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Work and Friction

  1. Oct 17, 2005 #1
    A 1420-kg car is being driven up a 7.34° hill. The frictional force is directed opposite to the motion of the car and has a magnitude of 545 N. A force F is applied to the car by the road and propels the car forward. In addition to these two forces, two other forces act on the car: its weight W and the normal force FN directed perpendicular to the road surface. The length of the road up the hill is 240 m. What should be the magnitude of F, so that the net work done by all the forces acting on the car is 203 kJ?

    i found the height and then proceeded to find the work of F (keeping the variable in the equation) and then i found the work of the frictional force by multiplying the given force and the height. Then i broke down the weight into two components, x and y. since the work of the normal force and the y component of gravity are both 0 (considering the fact that cos90 = 0) i disregarded those. i then found the work of the y component of gravity by m*g*h... i added all 3 works to equal the net work given and then i solved for F but everytime i get the wrong answer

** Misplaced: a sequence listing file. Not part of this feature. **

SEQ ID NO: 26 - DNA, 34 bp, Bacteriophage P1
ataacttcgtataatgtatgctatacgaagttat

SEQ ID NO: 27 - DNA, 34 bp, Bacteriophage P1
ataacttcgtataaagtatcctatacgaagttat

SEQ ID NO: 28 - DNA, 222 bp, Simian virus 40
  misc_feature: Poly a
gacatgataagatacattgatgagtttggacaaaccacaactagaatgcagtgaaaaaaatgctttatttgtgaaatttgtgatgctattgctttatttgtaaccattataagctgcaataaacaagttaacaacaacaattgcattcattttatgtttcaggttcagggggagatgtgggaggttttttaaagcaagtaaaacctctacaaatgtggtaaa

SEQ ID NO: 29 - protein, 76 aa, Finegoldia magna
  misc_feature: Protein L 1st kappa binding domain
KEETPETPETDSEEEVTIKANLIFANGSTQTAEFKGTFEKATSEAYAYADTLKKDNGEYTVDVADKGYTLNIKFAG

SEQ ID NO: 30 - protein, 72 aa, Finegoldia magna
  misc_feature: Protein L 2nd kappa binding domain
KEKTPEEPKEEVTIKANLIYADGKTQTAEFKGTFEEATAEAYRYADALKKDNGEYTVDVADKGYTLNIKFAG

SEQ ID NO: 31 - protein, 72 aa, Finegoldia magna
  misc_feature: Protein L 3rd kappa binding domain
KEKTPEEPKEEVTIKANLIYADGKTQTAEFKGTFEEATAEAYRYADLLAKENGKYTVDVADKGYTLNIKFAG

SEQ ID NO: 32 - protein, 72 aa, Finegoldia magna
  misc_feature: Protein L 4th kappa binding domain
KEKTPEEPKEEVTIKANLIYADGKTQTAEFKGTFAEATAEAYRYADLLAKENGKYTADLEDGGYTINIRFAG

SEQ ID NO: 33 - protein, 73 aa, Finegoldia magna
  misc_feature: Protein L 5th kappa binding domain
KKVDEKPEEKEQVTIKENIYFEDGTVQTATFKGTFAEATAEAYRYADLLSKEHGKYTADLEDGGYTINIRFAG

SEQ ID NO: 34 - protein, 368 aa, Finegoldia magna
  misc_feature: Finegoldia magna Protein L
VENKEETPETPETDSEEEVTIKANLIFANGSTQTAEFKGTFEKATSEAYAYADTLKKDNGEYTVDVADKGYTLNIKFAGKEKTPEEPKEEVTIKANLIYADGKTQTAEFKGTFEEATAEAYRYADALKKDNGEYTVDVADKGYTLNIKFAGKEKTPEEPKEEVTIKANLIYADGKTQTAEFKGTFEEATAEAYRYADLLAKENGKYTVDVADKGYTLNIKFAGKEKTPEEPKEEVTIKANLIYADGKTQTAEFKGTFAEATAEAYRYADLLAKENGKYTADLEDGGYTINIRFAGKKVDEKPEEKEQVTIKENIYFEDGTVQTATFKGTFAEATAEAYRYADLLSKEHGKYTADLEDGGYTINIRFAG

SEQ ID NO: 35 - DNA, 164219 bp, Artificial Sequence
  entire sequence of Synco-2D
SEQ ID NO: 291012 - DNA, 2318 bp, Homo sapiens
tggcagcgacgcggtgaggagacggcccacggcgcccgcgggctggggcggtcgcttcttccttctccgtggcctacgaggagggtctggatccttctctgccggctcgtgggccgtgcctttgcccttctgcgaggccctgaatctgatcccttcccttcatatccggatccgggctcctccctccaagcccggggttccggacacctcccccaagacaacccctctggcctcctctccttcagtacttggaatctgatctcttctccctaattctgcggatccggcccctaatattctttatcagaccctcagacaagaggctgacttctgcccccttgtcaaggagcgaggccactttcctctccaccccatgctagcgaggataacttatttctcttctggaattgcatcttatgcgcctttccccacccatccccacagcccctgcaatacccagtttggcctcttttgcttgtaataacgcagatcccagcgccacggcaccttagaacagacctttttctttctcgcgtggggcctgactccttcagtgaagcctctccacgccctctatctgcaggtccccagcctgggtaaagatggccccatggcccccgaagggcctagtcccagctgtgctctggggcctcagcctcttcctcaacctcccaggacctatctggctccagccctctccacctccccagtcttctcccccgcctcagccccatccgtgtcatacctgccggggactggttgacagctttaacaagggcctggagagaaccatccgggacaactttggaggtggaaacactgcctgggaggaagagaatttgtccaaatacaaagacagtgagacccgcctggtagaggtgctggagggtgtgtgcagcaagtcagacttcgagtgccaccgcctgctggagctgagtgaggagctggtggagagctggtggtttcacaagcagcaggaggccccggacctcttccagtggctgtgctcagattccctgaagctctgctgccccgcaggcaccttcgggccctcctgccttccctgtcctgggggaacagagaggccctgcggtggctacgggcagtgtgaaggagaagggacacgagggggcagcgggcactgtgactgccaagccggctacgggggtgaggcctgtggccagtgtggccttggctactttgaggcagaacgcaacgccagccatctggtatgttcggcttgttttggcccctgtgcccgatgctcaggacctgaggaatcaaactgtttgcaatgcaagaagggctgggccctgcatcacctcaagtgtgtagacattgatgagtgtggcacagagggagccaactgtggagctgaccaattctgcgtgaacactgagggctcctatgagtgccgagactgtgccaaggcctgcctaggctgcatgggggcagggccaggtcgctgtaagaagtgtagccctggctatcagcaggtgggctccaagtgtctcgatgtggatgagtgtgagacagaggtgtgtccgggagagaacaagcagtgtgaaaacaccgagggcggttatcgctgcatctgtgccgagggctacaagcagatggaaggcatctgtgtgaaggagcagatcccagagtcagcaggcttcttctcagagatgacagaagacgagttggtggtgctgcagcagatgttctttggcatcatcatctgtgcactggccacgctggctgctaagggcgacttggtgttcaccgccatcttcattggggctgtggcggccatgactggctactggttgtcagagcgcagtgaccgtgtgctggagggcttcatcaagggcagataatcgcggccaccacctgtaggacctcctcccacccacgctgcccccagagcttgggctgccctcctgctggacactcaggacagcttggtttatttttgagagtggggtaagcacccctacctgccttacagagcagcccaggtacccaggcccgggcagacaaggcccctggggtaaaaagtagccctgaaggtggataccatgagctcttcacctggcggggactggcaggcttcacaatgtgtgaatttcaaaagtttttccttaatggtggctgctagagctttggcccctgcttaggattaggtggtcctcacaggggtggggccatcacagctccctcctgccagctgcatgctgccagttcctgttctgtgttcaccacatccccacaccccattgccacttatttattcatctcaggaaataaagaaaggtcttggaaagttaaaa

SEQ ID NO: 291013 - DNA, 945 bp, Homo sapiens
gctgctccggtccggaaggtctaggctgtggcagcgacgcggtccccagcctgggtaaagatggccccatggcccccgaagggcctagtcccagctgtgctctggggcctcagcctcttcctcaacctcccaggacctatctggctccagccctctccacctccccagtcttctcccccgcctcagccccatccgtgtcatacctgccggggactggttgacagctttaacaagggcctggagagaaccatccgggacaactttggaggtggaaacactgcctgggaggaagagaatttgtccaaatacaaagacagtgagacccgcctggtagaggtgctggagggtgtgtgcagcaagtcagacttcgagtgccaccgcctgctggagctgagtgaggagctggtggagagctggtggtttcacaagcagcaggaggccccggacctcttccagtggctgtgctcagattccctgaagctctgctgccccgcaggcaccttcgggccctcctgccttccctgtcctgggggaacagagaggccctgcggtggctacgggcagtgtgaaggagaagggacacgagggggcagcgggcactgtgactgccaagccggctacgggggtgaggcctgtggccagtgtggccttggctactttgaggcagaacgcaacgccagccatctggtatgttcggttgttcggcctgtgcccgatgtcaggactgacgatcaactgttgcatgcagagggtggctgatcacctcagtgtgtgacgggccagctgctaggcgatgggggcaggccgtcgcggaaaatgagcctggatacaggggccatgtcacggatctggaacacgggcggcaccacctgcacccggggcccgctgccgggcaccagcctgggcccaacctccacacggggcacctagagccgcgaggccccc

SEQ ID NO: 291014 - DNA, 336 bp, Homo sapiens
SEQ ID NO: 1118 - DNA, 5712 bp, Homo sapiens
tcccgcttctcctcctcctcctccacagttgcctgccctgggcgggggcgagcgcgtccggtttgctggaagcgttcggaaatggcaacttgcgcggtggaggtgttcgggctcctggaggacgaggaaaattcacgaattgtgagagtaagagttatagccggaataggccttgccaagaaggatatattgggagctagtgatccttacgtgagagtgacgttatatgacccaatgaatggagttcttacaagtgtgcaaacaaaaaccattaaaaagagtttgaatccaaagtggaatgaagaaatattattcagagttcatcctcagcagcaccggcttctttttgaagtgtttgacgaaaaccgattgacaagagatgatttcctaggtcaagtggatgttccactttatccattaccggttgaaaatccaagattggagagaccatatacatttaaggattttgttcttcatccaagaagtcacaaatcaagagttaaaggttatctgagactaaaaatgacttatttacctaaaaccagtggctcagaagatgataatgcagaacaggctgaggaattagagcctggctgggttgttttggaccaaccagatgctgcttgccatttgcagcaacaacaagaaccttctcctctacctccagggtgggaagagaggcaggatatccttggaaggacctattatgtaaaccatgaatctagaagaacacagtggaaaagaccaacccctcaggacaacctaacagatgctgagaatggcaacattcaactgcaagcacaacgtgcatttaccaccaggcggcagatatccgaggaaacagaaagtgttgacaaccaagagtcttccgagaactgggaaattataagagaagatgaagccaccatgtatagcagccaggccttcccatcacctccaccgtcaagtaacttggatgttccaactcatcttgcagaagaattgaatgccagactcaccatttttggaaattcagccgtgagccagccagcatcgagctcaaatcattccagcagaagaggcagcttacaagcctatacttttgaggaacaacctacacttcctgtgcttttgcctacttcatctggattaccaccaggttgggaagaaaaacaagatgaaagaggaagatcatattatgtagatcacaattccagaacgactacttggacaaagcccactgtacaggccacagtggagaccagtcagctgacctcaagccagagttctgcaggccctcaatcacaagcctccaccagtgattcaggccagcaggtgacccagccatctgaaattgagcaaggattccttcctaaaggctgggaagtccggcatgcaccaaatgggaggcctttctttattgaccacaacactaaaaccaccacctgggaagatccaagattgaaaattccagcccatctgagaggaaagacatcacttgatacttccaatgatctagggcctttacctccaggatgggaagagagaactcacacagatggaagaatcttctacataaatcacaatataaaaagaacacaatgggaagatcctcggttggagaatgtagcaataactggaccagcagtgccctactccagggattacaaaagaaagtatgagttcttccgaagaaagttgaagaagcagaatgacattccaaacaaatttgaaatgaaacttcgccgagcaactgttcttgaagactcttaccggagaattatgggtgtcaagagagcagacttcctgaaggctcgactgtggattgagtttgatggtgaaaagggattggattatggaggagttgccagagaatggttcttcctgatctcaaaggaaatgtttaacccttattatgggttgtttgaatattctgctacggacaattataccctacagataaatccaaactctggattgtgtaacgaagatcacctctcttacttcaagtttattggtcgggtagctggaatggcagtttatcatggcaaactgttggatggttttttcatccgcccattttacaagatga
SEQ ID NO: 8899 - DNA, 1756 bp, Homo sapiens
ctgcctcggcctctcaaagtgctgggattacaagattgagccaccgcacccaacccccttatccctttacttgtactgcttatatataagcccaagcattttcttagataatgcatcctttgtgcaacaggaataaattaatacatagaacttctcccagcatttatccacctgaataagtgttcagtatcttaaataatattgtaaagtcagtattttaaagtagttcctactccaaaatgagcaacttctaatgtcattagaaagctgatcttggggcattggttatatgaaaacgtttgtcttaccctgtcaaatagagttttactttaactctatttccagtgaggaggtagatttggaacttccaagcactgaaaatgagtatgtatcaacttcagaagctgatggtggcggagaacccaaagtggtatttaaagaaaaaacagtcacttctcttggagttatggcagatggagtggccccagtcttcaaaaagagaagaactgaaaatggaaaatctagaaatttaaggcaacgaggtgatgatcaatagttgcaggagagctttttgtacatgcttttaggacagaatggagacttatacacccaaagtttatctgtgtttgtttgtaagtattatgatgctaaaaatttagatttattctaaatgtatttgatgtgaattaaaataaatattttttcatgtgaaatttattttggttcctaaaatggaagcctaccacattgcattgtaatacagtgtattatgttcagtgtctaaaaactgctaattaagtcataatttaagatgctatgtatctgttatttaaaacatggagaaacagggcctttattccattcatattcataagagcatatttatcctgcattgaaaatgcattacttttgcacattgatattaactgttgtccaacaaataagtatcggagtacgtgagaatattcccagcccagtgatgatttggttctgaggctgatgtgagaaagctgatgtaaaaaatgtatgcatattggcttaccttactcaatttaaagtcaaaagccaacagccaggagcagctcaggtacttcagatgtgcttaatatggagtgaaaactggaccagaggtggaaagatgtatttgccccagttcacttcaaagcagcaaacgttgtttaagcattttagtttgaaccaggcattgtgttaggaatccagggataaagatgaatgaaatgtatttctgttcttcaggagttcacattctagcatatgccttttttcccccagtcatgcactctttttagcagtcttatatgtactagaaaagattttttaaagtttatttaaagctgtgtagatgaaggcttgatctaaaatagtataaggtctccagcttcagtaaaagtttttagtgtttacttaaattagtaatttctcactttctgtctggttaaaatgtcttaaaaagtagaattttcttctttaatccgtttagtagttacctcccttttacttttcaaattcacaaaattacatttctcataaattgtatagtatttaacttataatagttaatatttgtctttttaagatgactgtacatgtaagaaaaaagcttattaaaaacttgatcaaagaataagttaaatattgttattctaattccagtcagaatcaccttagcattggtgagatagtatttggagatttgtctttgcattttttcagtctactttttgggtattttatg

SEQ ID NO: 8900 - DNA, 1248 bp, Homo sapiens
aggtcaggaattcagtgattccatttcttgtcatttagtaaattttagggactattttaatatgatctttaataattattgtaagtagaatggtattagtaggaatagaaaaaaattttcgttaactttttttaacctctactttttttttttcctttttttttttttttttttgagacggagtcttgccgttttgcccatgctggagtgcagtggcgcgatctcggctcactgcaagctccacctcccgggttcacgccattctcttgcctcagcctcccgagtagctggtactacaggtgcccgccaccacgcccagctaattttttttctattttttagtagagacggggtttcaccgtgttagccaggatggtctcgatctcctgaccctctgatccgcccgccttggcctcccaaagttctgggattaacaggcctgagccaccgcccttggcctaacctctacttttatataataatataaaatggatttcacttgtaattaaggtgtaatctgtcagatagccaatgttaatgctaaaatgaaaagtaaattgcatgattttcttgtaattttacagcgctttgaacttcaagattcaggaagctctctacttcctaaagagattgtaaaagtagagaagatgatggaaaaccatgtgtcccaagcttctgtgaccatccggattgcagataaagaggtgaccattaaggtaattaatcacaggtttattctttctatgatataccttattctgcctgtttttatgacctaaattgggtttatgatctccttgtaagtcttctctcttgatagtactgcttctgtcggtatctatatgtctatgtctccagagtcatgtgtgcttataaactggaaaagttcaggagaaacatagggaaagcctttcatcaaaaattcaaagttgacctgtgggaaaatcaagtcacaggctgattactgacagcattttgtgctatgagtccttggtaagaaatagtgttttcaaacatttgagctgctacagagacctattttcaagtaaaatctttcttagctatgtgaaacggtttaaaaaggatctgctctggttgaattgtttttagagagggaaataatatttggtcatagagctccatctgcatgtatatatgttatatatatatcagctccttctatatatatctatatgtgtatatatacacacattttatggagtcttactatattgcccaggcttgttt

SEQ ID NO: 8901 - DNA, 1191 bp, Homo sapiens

2. jcsd
  3. Oct 17, 2005 #2


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    Maybe you could show us your calculations for the work done by each of the forces?
  4. Oct 17, 2005 #3
    For the work of F i multiplied F*h = F*30.66, for the work of the frictional force 545*30.66 = 16709.7, for the work of gravity m*g*sin7.34*30.66 = 54509.41, and then i added all those and set them equal to 203000 J (because its the net work)... and then i solved for F to get 4298.14... but thats the wrong answer... can you find what i did wrong? thanks!
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